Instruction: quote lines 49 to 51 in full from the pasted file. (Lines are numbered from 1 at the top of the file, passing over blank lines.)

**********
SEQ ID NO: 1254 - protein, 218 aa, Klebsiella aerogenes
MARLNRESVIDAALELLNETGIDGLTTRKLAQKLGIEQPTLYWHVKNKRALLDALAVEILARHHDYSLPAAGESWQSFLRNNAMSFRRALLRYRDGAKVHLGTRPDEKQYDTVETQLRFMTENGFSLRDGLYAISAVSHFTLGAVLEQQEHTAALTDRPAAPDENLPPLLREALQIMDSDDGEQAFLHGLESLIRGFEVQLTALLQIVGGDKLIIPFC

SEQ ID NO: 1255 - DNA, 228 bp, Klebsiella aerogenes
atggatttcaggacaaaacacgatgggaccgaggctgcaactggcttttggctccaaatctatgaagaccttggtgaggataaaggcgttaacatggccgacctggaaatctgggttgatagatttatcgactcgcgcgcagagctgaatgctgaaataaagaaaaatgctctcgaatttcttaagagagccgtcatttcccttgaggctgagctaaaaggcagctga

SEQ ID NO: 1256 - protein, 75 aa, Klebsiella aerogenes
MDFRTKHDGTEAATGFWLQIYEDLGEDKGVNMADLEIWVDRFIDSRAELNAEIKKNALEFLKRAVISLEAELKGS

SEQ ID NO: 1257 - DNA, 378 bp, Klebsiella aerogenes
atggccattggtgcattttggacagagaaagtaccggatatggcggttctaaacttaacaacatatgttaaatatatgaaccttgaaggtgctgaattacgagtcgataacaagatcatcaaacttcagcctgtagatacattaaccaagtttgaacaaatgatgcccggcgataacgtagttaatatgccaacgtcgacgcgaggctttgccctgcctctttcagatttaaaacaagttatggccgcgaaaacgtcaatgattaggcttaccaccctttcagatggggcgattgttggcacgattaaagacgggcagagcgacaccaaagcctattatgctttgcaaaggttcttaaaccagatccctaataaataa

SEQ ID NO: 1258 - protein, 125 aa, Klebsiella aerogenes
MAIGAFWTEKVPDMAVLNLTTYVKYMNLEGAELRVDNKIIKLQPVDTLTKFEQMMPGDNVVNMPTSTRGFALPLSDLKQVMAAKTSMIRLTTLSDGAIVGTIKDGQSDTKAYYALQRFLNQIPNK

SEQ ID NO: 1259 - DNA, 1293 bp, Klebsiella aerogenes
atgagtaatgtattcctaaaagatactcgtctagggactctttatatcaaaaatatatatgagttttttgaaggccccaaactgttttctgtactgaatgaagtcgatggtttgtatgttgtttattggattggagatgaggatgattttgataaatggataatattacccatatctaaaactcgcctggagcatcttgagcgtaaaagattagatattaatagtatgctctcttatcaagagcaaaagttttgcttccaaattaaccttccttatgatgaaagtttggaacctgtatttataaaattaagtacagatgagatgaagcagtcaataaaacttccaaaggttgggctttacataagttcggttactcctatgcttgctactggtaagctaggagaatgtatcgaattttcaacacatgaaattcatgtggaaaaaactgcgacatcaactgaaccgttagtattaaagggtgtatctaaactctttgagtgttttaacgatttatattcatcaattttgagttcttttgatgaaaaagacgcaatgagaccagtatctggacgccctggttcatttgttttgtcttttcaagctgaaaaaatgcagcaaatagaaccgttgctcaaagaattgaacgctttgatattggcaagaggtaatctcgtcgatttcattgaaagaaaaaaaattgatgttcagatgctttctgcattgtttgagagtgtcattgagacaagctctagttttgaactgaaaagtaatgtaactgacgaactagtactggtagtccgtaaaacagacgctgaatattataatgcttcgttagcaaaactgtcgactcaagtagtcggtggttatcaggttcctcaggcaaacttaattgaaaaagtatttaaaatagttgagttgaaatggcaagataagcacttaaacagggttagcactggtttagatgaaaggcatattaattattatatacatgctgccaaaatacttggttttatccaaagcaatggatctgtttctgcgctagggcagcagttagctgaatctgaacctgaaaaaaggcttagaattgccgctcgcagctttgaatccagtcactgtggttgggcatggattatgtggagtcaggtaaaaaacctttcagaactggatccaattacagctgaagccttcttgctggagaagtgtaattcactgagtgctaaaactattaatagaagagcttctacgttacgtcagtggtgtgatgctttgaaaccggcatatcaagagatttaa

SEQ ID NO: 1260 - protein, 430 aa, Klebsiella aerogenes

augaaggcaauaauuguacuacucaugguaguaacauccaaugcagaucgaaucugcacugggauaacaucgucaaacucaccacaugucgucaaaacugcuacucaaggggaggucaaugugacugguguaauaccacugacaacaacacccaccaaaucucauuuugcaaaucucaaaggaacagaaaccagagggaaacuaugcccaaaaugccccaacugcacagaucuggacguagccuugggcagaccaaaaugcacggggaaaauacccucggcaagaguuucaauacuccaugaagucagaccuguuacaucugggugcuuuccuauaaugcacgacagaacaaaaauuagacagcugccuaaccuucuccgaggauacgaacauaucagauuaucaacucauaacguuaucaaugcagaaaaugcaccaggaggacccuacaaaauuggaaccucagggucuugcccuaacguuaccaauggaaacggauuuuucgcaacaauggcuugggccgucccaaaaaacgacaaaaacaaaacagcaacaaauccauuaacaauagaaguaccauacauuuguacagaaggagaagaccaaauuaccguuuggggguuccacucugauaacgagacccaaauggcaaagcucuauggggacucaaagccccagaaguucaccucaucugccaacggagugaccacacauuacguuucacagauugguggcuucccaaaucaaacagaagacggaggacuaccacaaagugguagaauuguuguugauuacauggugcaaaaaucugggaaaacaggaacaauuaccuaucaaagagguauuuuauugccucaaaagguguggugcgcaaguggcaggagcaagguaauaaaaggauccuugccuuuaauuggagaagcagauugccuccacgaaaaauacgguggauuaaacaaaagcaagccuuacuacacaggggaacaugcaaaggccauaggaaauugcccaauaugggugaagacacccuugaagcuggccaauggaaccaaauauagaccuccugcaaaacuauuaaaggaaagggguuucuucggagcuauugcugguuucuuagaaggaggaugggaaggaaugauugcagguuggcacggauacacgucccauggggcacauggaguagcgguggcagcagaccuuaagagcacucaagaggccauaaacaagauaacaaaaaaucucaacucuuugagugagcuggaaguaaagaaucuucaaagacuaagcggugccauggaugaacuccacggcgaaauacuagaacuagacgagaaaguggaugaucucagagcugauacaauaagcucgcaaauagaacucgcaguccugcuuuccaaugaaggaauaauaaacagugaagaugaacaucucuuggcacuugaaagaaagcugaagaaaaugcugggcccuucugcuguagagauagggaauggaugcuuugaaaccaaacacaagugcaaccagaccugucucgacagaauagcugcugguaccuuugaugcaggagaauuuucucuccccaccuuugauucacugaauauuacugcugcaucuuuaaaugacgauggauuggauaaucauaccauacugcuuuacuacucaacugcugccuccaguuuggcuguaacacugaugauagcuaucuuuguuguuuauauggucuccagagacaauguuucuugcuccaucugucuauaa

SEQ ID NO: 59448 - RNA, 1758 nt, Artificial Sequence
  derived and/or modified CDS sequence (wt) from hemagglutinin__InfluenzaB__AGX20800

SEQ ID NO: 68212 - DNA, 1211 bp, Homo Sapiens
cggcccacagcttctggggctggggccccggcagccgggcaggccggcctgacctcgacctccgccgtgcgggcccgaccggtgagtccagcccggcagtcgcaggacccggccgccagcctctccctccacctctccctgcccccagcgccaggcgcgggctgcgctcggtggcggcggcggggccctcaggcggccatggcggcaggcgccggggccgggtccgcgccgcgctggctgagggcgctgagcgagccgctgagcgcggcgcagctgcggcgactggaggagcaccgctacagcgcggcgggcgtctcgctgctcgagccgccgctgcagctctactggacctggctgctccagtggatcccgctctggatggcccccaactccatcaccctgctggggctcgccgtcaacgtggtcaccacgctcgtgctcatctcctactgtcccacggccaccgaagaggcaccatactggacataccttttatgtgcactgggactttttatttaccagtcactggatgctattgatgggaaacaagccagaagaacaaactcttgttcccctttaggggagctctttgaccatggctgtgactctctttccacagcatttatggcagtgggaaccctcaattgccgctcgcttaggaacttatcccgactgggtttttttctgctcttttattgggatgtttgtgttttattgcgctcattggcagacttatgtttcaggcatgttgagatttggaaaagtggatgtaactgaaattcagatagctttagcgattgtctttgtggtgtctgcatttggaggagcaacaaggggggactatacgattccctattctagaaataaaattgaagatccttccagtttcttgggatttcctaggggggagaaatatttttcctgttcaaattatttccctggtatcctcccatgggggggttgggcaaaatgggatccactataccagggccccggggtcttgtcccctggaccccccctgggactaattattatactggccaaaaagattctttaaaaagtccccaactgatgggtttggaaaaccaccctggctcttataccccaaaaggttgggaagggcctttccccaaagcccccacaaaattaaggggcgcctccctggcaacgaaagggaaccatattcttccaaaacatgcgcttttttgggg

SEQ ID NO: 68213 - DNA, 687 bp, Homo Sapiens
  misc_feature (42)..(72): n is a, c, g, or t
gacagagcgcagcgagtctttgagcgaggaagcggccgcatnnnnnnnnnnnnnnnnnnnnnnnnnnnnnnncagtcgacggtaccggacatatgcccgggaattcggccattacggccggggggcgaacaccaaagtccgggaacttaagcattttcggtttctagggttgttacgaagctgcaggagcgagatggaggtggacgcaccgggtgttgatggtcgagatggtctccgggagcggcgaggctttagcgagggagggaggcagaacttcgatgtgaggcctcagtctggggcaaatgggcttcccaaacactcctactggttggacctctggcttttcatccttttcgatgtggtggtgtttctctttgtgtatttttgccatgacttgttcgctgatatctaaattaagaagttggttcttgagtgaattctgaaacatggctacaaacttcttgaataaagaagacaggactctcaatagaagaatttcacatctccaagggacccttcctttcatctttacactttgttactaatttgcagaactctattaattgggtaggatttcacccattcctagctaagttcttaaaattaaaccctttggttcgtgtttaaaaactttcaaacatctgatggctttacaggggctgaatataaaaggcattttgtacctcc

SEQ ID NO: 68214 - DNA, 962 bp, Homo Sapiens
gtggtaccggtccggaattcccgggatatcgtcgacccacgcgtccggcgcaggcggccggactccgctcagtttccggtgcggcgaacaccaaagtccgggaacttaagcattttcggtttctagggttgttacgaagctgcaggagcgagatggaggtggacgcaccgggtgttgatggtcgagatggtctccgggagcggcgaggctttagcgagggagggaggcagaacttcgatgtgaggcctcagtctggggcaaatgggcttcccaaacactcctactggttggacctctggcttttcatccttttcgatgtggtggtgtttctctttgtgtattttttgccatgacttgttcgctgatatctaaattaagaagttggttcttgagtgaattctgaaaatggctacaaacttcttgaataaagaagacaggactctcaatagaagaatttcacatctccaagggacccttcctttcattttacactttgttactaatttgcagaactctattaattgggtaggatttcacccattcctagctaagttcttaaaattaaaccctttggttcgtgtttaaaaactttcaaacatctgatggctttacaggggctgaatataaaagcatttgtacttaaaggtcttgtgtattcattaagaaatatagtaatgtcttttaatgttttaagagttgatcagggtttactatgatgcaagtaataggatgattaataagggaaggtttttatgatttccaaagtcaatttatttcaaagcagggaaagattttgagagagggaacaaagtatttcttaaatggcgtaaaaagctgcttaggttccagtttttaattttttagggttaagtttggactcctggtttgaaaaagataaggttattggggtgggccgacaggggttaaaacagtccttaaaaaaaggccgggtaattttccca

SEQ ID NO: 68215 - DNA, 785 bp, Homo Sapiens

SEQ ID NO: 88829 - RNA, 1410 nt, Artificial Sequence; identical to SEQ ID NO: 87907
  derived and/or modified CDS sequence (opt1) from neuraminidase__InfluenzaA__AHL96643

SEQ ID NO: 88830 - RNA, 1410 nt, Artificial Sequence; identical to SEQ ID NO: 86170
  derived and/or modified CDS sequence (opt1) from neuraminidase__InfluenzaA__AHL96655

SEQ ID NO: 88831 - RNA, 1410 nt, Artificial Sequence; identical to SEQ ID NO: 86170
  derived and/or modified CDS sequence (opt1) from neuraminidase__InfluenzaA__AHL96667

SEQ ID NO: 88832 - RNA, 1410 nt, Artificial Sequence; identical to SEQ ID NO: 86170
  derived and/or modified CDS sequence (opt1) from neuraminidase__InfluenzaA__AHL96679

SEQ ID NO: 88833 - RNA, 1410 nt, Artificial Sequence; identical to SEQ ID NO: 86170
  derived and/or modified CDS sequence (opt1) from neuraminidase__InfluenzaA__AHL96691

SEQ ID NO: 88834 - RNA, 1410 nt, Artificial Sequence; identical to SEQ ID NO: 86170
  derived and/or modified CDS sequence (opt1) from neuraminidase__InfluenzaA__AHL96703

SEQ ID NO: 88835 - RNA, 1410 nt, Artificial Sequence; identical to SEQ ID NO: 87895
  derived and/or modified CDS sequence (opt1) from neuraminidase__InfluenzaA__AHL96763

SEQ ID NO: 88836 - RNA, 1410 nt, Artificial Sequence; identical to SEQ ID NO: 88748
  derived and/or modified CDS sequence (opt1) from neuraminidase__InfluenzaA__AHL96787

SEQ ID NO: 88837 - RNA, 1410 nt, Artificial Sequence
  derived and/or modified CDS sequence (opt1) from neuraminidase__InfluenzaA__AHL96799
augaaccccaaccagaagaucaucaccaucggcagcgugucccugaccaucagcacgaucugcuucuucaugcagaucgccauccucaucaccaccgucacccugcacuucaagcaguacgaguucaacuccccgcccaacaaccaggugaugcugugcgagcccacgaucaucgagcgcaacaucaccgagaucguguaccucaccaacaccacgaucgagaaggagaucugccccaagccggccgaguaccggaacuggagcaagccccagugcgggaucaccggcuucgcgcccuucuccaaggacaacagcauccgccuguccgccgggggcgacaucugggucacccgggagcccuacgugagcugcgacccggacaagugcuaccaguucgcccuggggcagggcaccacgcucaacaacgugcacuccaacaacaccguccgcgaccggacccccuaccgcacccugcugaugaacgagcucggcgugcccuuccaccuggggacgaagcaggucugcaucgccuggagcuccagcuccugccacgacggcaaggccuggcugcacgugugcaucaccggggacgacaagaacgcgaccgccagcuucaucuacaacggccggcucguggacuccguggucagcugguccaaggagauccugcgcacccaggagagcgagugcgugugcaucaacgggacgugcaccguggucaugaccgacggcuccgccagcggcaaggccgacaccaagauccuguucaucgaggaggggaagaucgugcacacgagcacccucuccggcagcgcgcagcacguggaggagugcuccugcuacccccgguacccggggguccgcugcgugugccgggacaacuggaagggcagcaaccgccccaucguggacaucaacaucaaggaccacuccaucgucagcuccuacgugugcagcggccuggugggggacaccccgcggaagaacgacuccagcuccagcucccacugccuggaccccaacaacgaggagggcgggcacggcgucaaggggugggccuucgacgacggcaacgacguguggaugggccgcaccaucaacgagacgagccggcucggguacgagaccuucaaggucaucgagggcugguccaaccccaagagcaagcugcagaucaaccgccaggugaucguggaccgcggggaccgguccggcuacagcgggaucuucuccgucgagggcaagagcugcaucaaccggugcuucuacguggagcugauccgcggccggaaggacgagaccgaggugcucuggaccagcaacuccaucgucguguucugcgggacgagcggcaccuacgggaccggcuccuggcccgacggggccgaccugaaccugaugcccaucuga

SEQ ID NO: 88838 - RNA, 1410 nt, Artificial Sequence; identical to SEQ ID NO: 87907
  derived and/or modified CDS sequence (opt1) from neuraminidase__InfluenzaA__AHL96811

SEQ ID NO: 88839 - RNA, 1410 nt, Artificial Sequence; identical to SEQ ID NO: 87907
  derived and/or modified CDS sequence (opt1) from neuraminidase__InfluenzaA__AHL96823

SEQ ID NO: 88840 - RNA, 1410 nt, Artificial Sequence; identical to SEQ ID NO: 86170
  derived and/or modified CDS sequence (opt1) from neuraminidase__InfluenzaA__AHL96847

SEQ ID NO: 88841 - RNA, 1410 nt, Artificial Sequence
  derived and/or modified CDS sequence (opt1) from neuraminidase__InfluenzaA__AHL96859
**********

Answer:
  derived and/or modified CDS sequence (opt1) from neuraminidase__InfluenzaA__AHL96847

SEQ ID NO: 88841 - RNA, 1410 nt, Artificial Sequence
  derived and/or modified CDS sequence (opt1) from neuraminidase__InfluenzaA__AHL96859